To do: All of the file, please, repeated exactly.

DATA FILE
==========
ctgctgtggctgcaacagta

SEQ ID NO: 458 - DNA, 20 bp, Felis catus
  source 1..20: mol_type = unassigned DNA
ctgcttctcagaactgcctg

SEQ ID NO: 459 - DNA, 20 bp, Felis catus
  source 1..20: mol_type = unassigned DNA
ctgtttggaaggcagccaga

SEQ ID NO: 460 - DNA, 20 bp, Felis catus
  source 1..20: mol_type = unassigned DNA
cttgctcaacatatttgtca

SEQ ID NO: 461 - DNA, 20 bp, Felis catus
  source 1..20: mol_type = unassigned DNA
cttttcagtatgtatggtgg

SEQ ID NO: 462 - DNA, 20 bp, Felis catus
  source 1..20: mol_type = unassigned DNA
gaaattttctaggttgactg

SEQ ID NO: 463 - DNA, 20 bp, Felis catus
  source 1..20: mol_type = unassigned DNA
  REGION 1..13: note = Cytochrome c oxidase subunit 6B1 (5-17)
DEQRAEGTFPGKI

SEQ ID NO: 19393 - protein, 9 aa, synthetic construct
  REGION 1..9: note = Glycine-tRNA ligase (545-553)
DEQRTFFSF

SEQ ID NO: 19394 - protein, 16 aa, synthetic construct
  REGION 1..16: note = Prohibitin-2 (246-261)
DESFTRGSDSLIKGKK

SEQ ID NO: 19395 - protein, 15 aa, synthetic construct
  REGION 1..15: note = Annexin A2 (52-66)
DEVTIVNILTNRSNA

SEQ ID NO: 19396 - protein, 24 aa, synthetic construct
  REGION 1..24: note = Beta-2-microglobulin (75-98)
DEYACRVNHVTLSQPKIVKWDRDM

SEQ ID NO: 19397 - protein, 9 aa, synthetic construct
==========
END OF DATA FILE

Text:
ctgctgtggctgcaacagta

SEQ ID NO: 458 - DNA, 20 bp, Felis catus
  source 1..20: mol_type = unassigned DNA
ctgcttctcagaactgcctg

SEQ ID NO: 459 - DNA, 20 bp, Felis catus
  source 1..20: mol_type = unassigned DNA
ctgtttggaaggcagccaga

SEQ ID NO: 460 - DNA, 20 bp, Felis catus
  source 1..20: mol_type = unassigned DNA
cttgctcaacatatttgtca

SEQ ID NO: 461 - DNA, 20 bp, Felis catus
  source 1..20: mol_type = unassigned DNA
cttttcagtatgtatggtgg

SEQ ID NO: 462 - DNA, 20 bp, Felis catus
  source 1..20: mol_type = unassigned DNA
gaaattttctaggttgactg

SEQ ID NO: 463 - DNA, 20 bp, Felis catus
  source 1..20: mol_type = unassigned DNA
  REGION 1..13: note = Cytochrome c oxidase subunit 6B1 (5-17)
DEQRAEGTFPGKI

SEQ ID NO: 19393 - protein, 9 aa, synthetic construct
  REGION 1..9: note = Glycine-tRNA ligase (545-553)
DEQRTFFSF

SEQ ID NO: 19394 - protein, 16 aa, synthetic construct
  REGION 1..16: note = Prohibitin-2 (246-261)
DESFTRGSDSLIKGKK

SEQ ID NO: 19395 - protein, 15 aa, synthetic construct
  REGION 1..15: note = Annexin A2 (52-66)
DEVTIVNILTNRSNA

SEQ ID NO: 19396 - protein, 24 aa, synthetic construct
  REGION 1..24: note = Beta-2-microglobulin (75-98)
DEYACRVNHVTLSQPKIVKWDRDM

SEQ ID NO: 19397 - protein, 9 aa, synthetic construct